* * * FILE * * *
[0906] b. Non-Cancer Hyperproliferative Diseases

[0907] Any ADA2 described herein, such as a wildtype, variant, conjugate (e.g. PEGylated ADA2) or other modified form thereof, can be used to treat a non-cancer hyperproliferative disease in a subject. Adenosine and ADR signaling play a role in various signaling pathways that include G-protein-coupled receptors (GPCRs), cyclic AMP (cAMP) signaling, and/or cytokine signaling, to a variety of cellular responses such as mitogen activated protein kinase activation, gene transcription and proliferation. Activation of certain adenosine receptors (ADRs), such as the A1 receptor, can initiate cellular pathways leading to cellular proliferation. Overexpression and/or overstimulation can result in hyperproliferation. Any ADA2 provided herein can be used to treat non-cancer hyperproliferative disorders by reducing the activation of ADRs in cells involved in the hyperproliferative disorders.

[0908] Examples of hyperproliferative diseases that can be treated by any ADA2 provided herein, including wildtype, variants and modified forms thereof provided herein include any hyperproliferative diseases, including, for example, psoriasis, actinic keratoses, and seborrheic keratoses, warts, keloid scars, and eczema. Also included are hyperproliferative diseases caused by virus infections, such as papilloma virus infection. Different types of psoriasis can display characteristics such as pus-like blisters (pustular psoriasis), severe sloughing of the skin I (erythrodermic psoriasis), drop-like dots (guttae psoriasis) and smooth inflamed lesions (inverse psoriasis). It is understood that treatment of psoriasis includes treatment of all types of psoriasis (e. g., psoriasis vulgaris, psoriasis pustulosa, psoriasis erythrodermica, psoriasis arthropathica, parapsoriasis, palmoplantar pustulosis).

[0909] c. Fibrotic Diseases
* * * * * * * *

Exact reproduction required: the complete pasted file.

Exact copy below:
[0906] b. Non-Cancer Hyperproliferative Diseases

[0907] Any ADA2 described herein, such as a wildtype, variant, conjugate (e.g. PEGylated ADA2) or other modified form thereof, can be used to treat a non-cancer hyperproliferative disease in a subject. Adenosine and ADR signaling play a role in various signaling pathways that include G-protein-coupled receptors (GPCRs), cyclic AMP (cAMP) signaling, and/or cytokine signaling, to a variety of cellular responses such as mitogen activated protein kinase activation, gene transcription and proliferation. Activation of certain adenosine receptors (ADRs), such as the A1 receptor, can initiate cellular pathways leading to cellular proliferation. Overexpression and/or overstimulation can result in hyperproliferation. Any ADA2 provided herein can be used to treat non-cancer hyperproliferative disorders by reducing the activation of ADRs in cells involved in the hyperproliferative disorders.

[0908] Examples of hyperproliferative diseases that can be treated by any ADA2 provided herein, including wildtype, variants and modified forms thereof provided herein include any hyperproliferative diseases, including, for example, psoriasis, actinic keratoses, and seborrheic keratoses, warts, keloid scars, and eczema. Also included are hyperproliferative diseases caused by virus infections, such as papilloma virus infection. Different types of psoriasis can display characteristics such as pus-like blisters (pustular psoriasis), severe sloughing of the skin I (erythrodermic psoriasis), drop-like dots (guttae psoriasis) and smooth inflamed lesions (inverse psoriasis). It is understood that treatment of psoriasis includes treatment of all types of psoriasis (e. g., psoriasis vulgaris, psoriasis pustulosa, psoriasis erythrodermica, psoriasis arthropathica, parapsoriasis, palmoplantar pustulosis).

[0909] c. Fibrotic Diseases